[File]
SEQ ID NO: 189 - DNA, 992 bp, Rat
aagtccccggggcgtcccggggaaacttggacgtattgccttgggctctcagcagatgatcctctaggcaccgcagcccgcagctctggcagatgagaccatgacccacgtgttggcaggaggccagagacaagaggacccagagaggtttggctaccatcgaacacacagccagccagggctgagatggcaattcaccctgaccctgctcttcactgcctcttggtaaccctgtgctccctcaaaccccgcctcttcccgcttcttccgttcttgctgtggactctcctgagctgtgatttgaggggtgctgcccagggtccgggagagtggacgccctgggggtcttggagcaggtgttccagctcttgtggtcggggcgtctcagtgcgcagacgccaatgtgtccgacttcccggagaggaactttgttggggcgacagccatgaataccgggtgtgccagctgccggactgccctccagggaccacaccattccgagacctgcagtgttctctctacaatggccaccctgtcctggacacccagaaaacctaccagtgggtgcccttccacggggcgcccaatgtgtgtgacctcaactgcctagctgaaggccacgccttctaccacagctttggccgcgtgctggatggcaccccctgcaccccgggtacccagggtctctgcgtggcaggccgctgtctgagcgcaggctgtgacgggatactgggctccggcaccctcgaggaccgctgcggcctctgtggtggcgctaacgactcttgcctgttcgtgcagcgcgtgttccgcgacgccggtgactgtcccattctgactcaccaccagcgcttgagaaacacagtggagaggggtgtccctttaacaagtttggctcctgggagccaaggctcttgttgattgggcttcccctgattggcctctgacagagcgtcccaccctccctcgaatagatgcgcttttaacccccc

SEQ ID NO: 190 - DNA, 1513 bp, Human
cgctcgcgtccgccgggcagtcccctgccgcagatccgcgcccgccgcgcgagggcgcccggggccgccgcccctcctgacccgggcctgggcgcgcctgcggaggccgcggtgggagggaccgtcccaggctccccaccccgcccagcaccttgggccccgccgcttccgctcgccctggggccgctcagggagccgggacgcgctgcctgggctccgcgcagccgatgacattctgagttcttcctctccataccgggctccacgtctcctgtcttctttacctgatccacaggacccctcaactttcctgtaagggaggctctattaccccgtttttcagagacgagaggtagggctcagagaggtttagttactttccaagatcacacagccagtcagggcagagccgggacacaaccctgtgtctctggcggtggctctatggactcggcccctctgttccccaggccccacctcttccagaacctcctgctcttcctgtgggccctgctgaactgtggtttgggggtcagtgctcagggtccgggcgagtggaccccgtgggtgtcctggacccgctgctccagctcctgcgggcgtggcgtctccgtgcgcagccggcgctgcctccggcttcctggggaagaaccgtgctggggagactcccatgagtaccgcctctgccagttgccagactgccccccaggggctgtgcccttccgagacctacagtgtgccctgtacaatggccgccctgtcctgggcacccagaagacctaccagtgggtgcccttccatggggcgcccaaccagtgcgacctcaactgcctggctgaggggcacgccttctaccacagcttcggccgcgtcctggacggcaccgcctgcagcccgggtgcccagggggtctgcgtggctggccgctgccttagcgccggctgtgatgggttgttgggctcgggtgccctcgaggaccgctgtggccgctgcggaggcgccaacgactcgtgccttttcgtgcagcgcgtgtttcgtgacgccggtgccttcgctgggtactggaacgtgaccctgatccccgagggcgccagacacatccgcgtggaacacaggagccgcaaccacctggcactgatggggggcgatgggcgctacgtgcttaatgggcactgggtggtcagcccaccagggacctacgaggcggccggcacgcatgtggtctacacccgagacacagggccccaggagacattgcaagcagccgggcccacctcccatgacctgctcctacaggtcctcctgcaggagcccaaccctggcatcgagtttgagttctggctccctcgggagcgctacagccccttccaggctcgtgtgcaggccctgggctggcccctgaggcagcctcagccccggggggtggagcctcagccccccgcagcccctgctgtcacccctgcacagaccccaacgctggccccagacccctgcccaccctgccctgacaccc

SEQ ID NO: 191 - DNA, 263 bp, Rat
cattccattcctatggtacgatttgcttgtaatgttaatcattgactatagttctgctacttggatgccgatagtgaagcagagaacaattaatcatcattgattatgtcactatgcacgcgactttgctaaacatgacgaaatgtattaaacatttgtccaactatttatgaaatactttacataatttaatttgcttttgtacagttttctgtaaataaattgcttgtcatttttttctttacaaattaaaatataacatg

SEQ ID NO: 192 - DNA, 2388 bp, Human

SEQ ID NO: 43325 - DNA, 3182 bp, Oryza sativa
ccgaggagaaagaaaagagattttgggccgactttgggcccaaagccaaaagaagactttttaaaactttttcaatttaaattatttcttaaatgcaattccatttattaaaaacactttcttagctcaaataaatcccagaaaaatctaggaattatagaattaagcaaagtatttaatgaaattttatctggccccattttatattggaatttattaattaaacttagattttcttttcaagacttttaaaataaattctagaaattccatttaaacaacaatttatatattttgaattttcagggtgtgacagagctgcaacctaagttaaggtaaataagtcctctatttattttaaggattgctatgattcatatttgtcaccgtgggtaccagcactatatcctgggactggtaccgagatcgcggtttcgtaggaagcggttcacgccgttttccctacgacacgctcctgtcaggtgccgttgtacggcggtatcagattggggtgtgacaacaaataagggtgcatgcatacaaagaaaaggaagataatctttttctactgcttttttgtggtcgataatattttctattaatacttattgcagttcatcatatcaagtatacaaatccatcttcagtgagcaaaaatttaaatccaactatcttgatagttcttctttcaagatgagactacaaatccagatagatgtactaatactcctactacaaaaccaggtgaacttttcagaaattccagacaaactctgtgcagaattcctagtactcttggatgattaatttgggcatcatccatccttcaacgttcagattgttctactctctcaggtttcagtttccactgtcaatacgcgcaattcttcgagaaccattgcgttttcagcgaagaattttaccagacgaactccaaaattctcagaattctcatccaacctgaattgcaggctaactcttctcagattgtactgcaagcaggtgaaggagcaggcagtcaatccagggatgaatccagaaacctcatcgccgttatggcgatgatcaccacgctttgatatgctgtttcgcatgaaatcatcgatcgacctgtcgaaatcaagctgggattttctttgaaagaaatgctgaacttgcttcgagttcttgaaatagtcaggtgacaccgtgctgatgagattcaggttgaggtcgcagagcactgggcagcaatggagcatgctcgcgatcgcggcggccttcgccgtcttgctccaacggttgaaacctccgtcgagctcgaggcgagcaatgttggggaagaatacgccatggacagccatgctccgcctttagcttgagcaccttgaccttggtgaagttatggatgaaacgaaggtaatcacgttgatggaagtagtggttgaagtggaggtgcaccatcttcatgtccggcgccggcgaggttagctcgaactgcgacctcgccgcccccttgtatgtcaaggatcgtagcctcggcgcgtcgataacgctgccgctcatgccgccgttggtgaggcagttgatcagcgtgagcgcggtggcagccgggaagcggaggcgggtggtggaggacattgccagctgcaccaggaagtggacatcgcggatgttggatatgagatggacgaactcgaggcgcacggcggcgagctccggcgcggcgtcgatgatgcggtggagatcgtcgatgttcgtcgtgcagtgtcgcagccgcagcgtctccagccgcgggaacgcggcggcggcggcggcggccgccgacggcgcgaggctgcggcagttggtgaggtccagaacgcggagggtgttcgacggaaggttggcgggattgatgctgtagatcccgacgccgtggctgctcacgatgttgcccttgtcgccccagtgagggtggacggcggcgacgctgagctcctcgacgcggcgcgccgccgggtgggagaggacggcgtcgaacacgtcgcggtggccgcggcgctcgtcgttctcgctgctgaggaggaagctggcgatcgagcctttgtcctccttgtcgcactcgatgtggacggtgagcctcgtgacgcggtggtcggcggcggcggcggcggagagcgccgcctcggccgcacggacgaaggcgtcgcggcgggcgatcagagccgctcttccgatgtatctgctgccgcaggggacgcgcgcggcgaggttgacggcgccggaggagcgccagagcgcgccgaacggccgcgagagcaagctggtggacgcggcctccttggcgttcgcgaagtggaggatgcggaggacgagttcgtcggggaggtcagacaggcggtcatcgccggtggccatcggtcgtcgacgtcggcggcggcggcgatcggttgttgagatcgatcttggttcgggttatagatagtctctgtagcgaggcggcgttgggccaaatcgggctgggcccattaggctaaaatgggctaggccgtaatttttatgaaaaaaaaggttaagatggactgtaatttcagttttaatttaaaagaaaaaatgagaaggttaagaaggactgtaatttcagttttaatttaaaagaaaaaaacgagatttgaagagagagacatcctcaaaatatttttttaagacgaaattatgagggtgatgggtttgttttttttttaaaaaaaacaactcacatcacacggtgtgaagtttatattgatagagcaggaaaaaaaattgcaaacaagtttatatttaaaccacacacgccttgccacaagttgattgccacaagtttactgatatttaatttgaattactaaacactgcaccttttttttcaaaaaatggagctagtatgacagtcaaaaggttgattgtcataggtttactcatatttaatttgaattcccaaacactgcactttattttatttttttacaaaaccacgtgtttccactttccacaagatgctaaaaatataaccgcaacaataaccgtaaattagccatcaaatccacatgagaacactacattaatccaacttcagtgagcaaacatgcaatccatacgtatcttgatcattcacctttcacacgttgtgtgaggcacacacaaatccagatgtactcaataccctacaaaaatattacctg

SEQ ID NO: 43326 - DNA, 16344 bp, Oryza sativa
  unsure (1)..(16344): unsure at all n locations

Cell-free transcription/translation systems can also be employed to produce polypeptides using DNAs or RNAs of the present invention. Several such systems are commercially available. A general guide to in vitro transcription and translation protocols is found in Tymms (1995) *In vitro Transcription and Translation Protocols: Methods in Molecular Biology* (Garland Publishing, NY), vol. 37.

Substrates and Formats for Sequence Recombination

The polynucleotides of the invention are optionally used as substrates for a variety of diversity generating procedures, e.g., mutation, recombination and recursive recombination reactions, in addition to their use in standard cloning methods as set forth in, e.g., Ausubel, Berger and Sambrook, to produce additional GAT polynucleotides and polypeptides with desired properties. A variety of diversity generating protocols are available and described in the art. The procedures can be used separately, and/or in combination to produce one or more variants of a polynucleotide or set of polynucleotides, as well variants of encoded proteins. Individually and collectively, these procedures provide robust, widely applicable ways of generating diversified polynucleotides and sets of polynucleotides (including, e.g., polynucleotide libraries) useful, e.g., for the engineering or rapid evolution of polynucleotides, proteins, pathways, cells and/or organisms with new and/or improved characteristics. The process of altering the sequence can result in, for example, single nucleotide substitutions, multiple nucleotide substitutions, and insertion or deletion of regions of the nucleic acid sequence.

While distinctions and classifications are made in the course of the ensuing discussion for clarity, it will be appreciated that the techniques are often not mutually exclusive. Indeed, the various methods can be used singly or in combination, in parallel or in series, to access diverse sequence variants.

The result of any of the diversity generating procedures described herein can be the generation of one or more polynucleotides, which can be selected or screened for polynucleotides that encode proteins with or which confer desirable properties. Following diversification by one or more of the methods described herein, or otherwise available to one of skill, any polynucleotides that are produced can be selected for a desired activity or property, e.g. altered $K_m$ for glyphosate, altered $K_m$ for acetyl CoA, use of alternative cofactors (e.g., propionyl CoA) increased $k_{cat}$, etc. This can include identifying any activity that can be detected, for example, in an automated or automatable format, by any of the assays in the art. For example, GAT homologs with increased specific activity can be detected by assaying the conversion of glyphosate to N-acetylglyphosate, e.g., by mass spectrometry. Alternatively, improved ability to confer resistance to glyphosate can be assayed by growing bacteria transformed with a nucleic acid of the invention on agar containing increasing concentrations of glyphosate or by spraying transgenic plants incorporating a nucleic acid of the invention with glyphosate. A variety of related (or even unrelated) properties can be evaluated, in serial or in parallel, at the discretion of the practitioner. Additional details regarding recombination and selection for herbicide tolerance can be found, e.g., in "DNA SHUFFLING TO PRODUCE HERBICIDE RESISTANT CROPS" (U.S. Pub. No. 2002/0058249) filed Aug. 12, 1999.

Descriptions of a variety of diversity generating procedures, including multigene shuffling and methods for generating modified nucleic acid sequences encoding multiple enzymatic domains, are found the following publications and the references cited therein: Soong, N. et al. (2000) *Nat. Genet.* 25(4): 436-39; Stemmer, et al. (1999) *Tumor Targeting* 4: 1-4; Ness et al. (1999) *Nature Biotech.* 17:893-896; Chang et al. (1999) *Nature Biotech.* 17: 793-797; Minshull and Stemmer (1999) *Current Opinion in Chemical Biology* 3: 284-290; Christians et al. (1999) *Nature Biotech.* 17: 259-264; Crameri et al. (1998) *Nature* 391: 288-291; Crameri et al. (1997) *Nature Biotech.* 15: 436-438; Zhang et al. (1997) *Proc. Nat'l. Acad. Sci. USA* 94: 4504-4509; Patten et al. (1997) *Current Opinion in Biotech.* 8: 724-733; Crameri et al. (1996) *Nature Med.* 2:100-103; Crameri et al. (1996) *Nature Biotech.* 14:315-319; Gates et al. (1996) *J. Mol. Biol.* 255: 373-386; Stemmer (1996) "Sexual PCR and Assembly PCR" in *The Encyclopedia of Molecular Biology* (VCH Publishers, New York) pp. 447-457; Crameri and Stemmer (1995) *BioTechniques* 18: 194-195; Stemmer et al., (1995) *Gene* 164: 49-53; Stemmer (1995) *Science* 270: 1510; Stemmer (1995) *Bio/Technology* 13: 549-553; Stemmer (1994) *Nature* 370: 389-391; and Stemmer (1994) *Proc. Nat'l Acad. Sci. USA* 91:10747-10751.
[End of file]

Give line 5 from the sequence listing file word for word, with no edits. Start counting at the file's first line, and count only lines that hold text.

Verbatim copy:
SEQ ID NO: 191 - DNA, 263 bp, Rat